Examining the Ranger’s offseason

Ryan Haddox

The Rangers closed the 2012 season in dismal fashion, blowing a five game division lead to the Oakland A’s with eight games remaining.

After being bounced by the Orioles in the inaugural Wild Card play-in game, the Rangers went into the winter with more questions than answers. Would Josh Hamilton return after his abysmal final four months, capped by the dropped fly ball in Oakland on the last day of the season that helped cost the Rangers the division? Would they land Zach Greinke off the free agent market to help beef up the rotation? Would Mike Napoli start the year in Arlington, or elsewhere?

When the hot stove started heating up at the Winter Meetings in Nashville during early December, it appeared as though the Rangers had their hand in every rumor out there. There was a point when it seemed like a certainty that they would land the biggest prize on the free agent market in Greinke. There were talks of them trading a few top prospects to Tampa Bay for starter James Shields. There were talks of them making a trade for Arizona’s slugging outfielder Justin Upton, and there was talk of them retaining Hamilton on a somewhat team-friendly deal.

And then, as fast as all the buildup came, it all came crashing down around the head of GM John Daniels. The first domino to fall was Mike Napoli taking a three-year contract to go play in Boston, although there are still some issues getting his contract finalized. Greinke landed a huge contract from the now budget-less Los Angeles Dodgers to the tune of $147 million over six years, the largest contract for any right handed pitcher in MLB history. Kansas City emptied the top half of their farm system and sent it to Tampa Bay in exchange for Shields. Hamilton took his 125 million dollar contract offer from the division rival Angels and jumped to the enemy, all while the Rangers were trying to figure out how everything unraveled so fast.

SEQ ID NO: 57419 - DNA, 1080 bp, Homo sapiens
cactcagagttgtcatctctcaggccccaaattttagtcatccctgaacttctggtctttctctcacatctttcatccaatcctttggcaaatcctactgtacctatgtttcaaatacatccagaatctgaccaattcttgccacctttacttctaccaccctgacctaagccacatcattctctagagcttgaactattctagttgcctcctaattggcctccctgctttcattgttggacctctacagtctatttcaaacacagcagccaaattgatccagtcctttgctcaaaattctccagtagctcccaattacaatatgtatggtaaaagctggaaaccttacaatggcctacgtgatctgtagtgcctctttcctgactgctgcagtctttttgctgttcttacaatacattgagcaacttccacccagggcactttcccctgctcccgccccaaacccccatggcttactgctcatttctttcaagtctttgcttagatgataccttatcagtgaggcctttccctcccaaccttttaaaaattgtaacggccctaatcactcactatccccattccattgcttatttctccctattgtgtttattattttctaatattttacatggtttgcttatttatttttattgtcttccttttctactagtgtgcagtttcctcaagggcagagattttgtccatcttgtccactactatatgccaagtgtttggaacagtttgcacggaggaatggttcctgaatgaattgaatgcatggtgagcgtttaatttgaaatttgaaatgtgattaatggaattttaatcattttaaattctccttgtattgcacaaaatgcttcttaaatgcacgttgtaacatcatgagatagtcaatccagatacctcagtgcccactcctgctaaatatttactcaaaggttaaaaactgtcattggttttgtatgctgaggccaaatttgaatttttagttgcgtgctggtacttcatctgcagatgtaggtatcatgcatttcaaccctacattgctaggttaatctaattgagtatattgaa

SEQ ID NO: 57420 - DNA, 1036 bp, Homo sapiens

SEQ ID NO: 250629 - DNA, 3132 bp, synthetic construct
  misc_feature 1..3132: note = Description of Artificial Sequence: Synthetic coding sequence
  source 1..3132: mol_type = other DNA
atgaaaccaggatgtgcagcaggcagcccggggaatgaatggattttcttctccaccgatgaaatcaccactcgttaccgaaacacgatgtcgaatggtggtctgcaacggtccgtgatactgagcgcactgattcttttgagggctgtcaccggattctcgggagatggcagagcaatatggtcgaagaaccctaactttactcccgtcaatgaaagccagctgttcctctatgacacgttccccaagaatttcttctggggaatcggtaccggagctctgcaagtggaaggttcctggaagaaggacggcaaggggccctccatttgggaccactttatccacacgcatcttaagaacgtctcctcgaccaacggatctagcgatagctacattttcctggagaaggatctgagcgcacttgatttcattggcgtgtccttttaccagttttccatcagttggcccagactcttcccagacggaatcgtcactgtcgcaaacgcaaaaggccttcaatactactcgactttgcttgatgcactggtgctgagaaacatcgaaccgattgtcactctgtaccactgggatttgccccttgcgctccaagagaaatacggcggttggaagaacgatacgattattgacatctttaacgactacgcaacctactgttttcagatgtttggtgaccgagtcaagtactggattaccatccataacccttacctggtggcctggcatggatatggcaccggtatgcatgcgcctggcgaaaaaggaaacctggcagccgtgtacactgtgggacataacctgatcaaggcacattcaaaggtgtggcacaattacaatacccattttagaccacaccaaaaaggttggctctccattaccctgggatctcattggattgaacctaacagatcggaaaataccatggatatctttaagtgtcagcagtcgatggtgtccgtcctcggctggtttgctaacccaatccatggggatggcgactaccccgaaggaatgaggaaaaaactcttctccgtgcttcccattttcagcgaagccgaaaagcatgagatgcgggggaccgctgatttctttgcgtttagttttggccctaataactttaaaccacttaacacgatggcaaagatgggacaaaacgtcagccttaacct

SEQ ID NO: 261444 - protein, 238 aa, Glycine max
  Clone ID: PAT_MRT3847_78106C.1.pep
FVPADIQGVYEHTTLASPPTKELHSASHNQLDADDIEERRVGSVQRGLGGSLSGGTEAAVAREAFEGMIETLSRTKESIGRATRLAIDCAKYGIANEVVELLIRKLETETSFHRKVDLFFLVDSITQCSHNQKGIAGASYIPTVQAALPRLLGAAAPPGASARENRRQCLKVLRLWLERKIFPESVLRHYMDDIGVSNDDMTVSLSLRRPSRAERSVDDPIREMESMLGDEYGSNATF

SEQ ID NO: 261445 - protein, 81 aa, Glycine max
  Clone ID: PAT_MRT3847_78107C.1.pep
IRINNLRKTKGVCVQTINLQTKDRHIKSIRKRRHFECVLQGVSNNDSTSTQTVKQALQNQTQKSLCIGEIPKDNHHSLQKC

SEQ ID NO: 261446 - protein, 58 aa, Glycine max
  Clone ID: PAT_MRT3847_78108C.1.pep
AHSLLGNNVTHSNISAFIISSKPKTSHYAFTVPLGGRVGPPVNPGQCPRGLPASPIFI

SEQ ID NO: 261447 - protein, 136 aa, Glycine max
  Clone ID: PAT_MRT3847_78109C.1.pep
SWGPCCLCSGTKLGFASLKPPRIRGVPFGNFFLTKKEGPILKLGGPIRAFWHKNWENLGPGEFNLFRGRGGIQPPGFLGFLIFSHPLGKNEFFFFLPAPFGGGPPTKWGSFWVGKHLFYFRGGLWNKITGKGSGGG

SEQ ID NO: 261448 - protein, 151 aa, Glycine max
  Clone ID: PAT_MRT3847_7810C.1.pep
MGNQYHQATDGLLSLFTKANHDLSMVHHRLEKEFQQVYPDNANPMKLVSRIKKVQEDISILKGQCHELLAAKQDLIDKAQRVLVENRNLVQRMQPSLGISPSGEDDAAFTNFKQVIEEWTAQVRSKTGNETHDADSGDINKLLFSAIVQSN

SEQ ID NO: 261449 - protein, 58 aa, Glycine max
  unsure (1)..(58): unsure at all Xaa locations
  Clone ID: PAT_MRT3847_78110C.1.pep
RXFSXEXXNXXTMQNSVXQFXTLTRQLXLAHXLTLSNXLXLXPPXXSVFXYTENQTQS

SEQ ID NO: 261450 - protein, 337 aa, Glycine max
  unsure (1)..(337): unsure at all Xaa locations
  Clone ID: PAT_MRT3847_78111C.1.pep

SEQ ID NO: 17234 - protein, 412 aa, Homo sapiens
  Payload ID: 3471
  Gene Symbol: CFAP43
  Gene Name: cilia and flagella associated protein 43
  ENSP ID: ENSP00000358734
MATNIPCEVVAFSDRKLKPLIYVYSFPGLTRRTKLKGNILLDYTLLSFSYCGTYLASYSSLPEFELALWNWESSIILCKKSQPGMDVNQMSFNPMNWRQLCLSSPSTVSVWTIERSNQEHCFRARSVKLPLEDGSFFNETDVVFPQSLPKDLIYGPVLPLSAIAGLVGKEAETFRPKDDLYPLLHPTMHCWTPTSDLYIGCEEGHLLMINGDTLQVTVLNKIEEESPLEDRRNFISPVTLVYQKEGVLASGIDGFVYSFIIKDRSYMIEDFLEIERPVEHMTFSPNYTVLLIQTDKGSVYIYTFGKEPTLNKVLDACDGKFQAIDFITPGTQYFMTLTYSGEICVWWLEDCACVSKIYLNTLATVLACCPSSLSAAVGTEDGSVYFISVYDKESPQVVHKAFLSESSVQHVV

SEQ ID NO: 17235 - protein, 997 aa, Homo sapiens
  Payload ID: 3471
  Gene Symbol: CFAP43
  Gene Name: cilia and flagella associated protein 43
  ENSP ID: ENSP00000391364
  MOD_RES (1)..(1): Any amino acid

Even though the Rangers appeared primed to be the offseason winners in early December, all is not lost in Arlington. The winter is not over, and some minor moves have been made to combat the flurry of activity elsewhere. They added former White Sox Catcher A.J. Pierzynski on a one-year deal to replace the departed Napoli. Pierzynski is coming off a career year with the Sox as he belted a career high 27 home runs and had 77 RBIs, and should be an upgrade for the pitchers while calling the game from behind the plate.

They signed former Kansas City closer Joakim Soria to a three-year deal to bolster the bullpen. Soria didn’t make a single pitch in 2012 after being shut down on April 3rd for the second Tommy John surgery of his career. The Rangers are planning on Soria being ready to go by June, and should provide a nice boost to the back end of the bullpen. Soria was a two-time All-Star with the Royals, and if he can come back healthy, will provide the boost the front office was looking for.

The Rangers also landed Lance Berkman, inking him to a one year deal to fill the DH hole left open by the trade of Michael Young to Philadelphia. Berkman only played in 32 games in 2012, but is expected to be healthy for Opening Day and should be a decent bat in the middle of the order.

While the Rangers didn’t make the big splash everyone was expecting, they have constructed a roster that should compete for the AL West crown again. Hamilton’s departure will sting, but Daniels made the right move by not tying his financial flexibility over the next five years to an injury riddled, middle aged outfielder who has probably seen his best days. Pitchers and catchers report in 26 days and there may be more moves to be made, but Daniels has said he feels comfortable with what they have on board. Now we’ll have to see if he has an ace up his sleeve to help solidify that feeling.